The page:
Monday, January 10, 2011

Monday, January 10, 2011 0

Wednesday, January 5, 2011

Philosophy Reading Response #1; John Dewey and 'Individualism'

Wednesday, January 5, 2011 1

The Ventriloquist’s Sermon

There is an odd bifurcation in American society between what we state as our beliefs and what we actually practice. We have constructed around us a monied society, where “to the victor belong the spoils”. In America, usually the more brutal and cunning a businessperson is, the more rewarded they are. Thus, from a Darwinian perspective, we should (in theory) be praising greed and ruthlessness as our highest virtues. Instead though, we loudly claim to hold the religious precepts of selflessness and kindness as our ultimate principles. And, while the difference between what we say and what we do is very interesting, the more important aspect to contemplate is why there is a separation at all. While scientific progress has advanced our industrial capabilities rapidly, it would appear that our moral schemas have become calcified in response, ingraining themselves even deeper within our collective mentality.

We are currently experiencing this uniquely American cognitive dissonance while debating universal healthcare. On one hand, as a primarily Christian society, we claim that we should help those who cannot help themselves, by taking care of the poor, the elderly and sick. In truth though, we resist any changes to the current system, citing arguments that a change would not only take away from the bottom line of major (and highly profitable) corporations, but that any modification would also allow unemployed freeloaders (or worse yet, illegal immigrants) to have an advantage that gainfully employed Americans should be privy to alone.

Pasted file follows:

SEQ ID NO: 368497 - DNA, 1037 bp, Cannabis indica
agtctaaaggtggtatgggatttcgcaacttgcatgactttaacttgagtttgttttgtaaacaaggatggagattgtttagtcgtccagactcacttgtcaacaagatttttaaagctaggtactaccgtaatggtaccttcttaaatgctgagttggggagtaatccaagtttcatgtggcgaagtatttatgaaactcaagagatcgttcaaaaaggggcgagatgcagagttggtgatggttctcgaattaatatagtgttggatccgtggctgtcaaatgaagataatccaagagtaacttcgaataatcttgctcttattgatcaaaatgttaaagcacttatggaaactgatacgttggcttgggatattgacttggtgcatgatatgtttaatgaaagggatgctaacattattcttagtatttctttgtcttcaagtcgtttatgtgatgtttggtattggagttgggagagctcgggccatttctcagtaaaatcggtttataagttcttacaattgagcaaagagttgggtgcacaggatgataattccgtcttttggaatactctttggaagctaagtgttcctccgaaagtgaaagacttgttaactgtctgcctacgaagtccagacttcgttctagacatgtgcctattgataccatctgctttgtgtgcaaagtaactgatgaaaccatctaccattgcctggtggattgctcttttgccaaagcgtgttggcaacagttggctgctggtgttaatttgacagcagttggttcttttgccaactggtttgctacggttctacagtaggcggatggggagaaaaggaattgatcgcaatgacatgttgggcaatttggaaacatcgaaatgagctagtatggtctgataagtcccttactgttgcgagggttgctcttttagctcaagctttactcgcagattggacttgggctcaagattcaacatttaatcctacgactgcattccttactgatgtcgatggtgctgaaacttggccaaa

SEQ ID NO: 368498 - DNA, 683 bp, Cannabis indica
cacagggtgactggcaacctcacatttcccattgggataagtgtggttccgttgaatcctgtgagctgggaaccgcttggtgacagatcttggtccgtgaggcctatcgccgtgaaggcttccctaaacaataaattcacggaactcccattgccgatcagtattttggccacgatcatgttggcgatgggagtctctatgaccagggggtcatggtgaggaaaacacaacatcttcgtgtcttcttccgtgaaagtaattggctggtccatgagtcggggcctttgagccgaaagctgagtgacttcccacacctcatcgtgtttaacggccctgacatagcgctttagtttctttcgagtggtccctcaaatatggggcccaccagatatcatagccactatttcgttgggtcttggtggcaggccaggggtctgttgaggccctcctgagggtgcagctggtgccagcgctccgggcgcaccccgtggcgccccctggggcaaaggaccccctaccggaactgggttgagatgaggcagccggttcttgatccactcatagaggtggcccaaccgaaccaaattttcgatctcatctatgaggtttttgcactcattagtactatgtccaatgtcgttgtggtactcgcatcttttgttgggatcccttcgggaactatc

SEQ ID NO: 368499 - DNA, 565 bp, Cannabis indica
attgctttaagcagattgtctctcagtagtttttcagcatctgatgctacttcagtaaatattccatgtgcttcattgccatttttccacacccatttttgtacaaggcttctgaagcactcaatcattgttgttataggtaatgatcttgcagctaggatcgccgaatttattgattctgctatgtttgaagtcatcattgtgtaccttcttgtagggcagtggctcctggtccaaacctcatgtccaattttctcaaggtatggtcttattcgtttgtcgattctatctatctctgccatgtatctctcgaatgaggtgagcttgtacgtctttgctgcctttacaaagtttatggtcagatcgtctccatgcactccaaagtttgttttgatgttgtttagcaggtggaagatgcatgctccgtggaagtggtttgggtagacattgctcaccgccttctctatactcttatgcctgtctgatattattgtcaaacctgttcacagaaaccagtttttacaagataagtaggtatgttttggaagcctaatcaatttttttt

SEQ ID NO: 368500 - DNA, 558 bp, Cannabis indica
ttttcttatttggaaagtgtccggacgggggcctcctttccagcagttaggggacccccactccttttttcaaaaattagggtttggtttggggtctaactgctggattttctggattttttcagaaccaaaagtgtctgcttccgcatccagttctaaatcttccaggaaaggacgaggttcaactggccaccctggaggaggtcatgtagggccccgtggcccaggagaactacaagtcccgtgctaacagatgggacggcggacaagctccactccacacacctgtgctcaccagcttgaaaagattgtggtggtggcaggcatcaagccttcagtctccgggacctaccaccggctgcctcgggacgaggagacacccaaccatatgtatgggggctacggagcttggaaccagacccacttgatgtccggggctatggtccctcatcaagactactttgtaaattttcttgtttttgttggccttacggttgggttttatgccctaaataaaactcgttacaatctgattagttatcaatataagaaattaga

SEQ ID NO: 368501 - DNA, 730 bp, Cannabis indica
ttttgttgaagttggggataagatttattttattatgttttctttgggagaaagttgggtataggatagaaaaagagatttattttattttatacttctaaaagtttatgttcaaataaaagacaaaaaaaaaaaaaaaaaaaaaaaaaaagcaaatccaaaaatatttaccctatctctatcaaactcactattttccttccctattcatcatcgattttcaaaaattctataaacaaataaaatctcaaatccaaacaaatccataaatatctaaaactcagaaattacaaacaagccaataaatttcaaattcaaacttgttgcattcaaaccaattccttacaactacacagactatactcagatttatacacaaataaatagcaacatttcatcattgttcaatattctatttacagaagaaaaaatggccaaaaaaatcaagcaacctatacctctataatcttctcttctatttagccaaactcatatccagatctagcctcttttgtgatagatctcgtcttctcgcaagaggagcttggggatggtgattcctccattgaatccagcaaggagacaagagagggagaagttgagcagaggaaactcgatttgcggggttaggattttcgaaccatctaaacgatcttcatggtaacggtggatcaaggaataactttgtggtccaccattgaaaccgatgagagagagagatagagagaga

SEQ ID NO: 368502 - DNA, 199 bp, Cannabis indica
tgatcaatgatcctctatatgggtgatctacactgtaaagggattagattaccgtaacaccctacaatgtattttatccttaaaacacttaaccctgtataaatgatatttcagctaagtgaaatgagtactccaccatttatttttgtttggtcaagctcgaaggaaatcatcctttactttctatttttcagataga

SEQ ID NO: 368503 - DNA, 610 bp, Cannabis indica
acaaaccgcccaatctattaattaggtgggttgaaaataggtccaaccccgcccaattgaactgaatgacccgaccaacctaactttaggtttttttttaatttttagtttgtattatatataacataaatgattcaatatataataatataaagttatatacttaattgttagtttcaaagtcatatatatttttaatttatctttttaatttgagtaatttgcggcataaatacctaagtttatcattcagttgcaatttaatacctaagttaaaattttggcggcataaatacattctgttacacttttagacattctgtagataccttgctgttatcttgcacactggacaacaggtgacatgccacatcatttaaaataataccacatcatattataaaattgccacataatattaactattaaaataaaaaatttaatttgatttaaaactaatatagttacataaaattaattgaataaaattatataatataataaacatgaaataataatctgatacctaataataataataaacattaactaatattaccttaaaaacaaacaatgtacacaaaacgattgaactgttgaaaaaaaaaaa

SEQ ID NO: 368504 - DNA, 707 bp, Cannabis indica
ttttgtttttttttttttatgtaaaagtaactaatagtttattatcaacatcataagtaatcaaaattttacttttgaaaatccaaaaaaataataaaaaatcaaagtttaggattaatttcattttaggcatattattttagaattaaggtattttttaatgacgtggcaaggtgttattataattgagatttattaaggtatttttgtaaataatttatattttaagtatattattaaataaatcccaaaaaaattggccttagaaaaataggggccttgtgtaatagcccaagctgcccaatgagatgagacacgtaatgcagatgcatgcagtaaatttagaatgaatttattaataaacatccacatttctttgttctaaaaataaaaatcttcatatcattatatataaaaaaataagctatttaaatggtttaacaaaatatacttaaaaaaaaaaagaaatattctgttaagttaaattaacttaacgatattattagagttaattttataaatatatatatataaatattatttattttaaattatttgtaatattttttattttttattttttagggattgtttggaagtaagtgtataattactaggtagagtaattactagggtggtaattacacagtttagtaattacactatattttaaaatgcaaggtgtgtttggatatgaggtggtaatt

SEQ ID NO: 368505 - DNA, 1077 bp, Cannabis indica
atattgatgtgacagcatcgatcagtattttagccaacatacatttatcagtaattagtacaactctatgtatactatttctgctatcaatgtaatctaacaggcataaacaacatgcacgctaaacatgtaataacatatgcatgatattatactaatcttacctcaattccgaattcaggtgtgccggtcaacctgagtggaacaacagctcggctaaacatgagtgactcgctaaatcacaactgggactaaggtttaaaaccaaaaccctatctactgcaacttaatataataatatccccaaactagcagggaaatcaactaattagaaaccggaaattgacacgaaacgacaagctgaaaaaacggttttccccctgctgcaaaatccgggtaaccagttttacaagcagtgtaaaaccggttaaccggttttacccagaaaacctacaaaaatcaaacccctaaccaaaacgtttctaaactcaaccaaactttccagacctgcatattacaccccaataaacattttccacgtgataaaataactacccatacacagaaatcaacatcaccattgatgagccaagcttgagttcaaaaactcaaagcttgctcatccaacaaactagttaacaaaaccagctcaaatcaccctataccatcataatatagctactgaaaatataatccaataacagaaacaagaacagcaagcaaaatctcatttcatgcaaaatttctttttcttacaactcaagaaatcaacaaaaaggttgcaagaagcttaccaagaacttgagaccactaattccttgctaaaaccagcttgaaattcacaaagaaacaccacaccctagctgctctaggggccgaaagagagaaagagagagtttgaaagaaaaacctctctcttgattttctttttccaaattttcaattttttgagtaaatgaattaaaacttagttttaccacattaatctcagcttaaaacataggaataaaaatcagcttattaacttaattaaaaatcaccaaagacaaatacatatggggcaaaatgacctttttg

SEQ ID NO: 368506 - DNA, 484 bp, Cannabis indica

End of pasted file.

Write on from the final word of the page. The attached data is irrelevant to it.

Monday, January 3, 2011

Monday, January 3, 2011 1
As a photographer, the concept of 'choice' is something dear to my heart, so a few rambling words on the subject today.

I am in no way an expert, but I strongly believe that choice in photography is very much like choice in politics, religion and philosophy. It is best to have a concrete understanding of exactly what it is that you believe and, more importantly, also possess a coherent understanding of both why you believe in this ideal and how you would like this belief to involve and evolve the world around you in the future.

Additionally, one principle should be clearly understood: not making a choice is, in itself, a form of choice. It is deciding not to decide (a meta-decision, if you will). And thus, it is also the decision to allow others to decide what is correct or best.

Of course, this is not always a bad thing. In fact, often it is the primary tool for our survival. I don't know the best way to put out a fire, so I trust the firemen with that duty. I can't farm well or build televisions either, and I'm ok with that. As specialty professionals, we hope that our politicians and bankers understand the laws and complexities of finance more than ourselves (and are not unacceptably corrupt), so we give them (hopefully limited) power over our lives. (As for philosophy and religion though, I tend to handle those delicate packages myself.)